Dickson Despommier, Author of The Vertical Farm and host of the Urban Agriculture podcast 

“We can grow produce right where is going to be purchased and right where it’s going to be eaten”

Josh Hottenstein, Arizona Director for the Cleantech Open 

“In the next 40 years, there’s going to be a 70 percent increase in demand for food worldwide. There’s not a lot of models for how sustainability can capture that increased demand and those increased pressures.”

Jason Reed, Founder of Seedstock

“I think the future of aquaponics is small, decentralized growing systems that will be set up in cities and towns throughout the world. I see that there will be large aquaponics facilities, like there is for say hydroponic tomatoes, but the major use will be small systems in urban areas.”

Dr. Wilson Lennard, Australian scientist and ‎Director at Aquaponic Solutions

“Just one square metre gives you more yield than in one acre of land. That’s an ideal system for a developing country. [It] will produce up to 300 cucumbers a year.… A system like that can supply a family with fresh vegetables and with vitamins and also with protein”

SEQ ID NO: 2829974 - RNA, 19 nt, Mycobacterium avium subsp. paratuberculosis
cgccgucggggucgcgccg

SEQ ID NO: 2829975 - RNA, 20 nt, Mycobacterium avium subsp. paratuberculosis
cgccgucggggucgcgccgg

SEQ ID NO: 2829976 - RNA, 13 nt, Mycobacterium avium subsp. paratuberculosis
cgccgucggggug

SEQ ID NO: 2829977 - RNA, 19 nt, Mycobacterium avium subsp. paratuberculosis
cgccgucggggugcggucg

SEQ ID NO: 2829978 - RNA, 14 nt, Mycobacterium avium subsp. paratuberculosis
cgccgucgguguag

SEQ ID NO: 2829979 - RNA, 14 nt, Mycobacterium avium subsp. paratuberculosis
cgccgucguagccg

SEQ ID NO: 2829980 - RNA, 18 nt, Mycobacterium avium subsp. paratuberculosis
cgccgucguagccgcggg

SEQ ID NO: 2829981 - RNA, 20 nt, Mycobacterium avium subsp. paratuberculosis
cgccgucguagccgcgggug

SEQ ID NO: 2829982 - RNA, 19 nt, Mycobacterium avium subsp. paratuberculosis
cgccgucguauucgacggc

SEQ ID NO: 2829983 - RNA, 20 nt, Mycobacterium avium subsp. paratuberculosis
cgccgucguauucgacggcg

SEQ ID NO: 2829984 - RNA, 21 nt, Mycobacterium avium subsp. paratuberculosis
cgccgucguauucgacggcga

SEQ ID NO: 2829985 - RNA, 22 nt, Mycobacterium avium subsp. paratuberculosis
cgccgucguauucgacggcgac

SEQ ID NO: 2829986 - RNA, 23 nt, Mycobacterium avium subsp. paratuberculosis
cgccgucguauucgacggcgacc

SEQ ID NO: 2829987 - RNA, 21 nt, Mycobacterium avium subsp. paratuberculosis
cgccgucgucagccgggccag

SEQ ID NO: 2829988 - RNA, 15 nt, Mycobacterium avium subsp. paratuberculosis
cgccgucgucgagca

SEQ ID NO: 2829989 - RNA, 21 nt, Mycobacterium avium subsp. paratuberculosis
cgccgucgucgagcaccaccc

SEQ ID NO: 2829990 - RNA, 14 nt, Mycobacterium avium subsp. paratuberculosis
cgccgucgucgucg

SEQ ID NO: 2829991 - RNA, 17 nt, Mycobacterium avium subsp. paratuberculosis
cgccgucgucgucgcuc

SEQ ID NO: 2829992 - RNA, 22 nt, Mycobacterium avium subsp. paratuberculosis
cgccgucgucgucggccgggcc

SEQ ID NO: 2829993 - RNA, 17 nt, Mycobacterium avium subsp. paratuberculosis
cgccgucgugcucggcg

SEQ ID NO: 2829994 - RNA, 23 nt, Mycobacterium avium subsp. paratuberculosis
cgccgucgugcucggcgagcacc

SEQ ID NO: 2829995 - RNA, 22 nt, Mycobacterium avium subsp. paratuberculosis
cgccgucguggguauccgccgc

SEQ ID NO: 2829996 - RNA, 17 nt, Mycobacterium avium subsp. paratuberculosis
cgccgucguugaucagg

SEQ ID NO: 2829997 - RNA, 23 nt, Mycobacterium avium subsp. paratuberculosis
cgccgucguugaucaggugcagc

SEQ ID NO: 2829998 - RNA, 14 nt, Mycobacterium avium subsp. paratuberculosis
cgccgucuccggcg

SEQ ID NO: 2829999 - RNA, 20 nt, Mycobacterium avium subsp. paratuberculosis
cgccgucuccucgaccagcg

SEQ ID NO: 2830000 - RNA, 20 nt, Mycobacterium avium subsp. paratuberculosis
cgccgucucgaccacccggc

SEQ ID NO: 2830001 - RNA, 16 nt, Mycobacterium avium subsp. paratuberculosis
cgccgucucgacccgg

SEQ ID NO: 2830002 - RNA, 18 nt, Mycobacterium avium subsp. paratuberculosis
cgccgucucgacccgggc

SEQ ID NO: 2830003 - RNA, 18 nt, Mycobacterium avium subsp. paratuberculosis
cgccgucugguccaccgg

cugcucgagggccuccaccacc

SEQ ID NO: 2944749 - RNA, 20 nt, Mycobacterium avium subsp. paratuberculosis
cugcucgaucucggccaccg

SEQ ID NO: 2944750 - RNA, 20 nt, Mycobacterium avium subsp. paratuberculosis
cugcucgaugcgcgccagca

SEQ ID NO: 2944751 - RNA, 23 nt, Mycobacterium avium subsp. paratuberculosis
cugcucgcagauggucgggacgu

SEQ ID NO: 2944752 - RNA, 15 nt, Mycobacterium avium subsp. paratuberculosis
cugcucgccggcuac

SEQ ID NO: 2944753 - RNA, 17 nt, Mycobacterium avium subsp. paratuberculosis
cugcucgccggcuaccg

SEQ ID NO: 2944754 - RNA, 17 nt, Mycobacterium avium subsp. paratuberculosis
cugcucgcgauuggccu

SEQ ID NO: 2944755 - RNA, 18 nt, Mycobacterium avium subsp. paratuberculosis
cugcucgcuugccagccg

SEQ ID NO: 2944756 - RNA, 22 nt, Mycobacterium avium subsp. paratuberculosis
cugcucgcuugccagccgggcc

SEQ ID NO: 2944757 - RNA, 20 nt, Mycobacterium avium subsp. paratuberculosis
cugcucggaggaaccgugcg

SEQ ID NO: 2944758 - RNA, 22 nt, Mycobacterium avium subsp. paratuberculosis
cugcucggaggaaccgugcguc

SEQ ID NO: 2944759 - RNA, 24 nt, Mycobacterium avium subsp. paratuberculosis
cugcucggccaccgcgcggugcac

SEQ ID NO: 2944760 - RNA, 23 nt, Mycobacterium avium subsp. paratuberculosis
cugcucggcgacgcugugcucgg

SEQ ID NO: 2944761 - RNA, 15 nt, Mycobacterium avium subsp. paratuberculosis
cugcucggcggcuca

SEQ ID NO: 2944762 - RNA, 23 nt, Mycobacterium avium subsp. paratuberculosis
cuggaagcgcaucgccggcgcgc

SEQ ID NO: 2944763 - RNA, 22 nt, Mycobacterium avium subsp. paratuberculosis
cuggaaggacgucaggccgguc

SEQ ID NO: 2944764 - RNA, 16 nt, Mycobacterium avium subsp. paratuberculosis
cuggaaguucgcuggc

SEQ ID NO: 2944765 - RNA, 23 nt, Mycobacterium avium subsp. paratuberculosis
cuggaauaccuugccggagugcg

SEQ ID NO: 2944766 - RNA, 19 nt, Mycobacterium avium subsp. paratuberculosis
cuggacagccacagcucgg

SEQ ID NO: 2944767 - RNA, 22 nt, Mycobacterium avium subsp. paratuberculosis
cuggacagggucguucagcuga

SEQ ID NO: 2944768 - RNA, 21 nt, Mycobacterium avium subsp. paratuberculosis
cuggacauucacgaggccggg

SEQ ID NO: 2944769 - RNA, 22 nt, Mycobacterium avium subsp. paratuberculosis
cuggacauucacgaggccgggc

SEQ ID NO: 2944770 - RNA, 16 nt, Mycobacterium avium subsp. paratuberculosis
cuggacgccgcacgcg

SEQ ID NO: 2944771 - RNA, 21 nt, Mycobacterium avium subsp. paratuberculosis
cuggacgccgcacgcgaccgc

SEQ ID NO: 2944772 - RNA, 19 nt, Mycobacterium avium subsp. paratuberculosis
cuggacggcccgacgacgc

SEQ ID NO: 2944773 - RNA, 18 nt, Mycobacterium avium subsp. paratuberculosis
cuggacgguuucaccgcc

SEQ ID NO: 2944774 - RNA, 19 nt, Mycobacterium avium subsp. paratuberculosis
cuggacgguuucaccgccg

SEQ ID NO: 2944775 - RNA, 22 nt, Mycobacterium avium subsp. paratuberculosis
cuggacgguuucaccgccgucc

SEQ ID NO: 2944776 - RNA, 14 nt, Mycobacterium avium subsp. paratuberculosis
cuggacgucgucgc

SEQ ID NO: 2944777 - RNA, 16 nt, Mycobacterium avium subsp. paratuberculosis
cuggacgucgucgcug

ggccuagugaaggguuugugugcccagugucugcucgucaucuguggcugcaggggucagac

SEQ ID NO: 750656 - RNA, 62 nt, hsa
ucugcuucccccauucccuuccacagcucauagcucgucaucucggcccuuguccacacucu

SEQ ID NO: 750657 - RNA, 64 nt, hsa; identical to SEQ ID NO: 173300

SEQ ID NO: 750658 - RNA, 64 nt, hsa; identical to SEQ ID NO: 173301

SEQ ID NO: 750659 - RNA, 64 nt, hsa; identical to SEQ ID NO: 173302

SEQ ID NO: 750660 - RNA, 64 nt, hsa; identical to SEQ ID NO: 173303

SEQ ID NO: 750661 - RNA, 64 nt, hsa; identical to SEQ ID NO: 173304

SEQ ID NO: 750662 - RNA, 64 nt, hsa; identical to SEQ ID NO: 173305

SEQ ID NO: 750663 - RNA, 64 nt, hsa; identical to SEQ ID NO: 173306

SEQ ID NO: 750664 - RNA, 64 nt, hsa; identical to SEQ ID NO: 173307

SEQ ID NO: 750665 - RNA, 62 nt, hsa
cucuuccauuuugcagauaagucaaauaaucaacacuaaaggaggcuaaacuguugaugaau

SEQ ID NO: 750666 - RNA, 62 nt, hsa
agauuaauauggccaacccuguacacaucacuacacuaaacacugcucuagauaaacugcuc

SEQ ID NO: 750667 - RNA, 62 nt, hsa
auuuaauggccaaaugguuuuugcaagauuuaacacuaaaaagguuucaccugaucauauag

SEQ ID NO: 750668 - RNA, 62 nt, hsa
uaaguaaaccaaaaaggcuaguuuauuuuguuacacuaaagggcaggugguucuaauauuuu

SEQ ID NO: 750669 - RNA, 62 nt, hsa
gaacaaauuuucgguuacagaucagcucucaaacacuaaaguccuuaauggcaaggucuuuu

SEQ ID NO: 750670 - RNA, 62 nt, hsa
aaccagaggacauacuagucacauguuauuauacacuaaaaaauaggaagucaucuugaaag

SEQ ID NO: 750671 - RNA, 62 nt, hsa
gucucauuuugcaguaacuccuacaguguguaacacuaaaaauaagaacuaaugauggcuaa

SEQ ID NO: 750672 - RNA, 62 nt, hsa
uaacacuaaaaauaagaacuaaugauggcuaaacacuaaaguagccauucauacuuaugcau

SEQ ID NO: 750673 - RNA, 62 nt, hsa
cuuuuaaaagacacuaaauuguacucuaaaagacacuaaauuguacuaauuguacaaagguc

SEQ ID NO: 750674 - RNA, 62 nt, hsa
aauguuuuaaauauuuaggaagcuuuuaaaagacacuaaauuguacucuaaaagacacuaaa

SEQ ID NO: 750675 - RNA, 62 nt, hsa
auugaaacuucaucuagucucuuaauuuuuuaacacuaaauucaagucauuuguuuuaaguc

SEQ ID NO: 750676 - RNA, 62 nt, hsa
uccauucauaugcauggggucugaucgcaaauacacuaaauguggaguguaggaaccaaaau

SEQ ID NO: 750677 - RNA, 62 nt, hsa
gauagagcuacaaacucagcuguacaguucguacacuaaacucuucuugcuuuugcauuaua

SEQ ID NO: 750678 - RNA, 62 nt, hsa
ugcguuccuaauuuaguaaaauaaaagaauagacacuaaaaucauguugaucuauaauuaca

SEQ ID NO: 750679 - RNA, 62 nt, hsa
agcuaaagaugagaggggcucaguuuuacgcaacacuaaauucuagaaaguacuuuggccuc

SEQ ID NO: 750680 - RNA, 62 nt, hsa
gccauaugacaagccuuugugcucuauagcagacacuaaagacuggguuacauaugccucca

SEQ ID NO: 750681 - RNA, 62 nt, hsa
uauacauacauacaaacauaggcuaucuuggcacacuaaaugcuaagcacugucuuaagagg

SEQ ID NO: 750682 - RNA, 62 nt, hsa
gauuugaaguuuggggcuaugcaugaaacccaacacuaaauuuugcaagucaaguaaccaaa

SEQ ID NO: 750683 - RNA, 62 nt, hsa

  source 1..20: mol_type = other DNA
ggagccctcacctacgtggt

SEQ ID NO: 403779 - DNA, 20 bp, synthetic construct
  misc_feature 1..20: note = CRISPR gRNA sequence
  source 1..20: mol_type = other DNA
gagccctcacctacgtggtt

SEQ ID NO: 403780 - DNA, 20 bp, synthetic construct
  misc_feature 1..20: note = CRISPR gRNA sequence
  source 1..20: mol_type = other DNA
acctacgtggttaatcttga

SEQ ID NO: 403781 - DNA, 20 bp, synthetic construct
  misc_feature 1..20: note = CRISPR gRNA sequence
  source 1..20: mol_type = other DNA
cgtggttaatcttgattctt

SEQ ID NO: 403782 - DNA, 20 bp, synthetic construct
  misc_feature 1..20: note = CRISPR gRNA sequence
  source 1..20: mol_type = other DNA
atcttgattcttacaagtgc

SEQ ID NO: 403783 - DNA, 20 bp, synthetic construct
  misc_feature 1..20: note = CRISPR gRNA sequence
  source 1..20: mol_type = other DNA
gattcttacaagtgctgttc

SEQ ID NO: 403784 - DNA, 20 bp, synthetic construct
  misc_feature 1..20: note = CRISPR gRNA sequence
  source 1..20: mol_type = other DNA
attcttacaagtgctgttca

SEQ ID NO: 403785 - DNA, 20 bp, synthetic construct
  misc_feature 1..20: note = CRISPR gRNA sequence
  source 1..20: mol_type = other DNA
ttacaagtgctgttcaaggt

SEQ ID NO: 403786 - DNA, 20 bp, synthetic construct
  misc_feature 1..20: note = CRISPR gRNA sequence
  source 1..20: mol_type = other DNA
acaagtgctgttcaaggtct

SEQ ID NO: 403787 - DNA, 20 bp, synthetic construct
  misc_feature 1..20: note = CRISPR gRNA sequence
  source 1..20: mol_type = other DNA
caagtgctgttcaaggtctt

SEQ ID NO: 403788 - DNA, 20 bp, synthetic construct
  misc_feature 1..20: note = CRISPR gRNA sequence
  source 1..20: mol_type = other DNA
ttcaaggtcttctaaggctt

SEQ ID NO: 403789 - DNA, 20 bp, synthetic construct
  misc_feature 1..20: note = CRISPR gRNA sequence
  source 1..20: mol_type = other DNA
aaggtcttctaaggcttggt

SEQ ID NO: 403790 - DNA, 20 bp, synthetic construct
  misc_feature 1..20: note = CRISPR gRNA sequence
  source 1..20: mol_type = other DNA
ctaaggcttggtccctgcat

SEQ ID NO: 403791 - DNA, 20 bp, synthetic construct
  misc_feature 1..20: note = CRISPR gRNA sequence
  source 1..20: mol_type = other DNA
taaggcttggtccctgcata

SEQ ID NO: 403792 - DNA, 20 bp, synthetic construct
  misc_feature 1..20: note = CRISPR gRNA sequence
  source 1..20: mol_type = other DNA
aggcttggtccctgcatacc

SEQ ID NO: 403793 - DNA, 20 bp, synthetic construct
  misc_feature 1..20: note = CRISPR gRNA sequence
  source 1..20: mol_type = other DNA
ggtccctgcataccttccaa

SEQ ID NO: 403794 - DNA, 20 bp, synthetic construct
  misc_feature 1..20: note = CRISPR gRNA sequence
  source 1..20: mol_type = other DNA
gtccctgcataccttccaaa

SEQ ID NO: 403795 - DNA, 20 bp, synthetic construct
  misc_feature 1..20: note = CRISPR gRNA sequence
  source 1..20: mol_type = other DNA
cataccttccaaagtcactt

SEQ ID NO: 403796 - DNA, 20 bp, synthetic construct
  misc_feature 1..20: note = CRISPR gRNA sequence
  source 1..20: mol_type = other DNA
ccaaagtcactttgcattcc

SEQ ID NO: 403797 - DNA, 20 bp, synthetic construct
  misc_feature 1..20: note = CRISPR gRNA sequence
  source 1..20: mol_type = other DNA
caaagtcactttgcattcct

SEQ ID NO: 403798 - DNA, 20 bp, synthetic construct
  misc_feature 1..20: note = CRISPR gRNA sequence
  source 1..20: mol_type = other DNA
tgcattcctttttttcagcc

Dr. Nick Savidov, Aquaponics researcher and leader at the Aquaculture Centre of Excellence at Lethbridge College 

“[Plants] grow extremely rapidly because they have all the nutrients and water they need. It’s much better than field production because in the soil, you have insects and not enough water or nutrients,”

Dr. James Rakocy, “Father of Aquaponics,” and former professor at the University of the Virgin Islands

“[Plants] grow extremely rapidly because they have all the nutrients and water they need. It’s much better than field production because in the soil, you have insects and not enough water or nutrients,”

Dr. James Rakocy, “Father of Aquaponics,” and former professor at the University of the Virgin Islands

“Recirculating aquaponic and hydroponic farms are sustainable options that can have controlled inputs and known outputs, like other existing organic farms. In fact, many recirculating farms not only meet, but can exceed current organic standards. They can be eco-efficient and have versatile designs, and reduced use of water, fossil fuels, fertilizers and electricity.”

Marianne Cufone, Executive Director of the Recirculating Farms Coalition

“You can convert 1.2kg of fish food into one kilo of fish. The lost 0.2kg is dissolved into nitrogenous waste. For every kilo of fish you rear, you grow about 10kg of plants and vegetables. All of a sudden, you’re producing a lot from very little.”  “We are potentially taking a natural system that’s evolved over millions of years and we are just copying it, rather than exploiting it. While it can be seen as complex, it is incredibly simple.”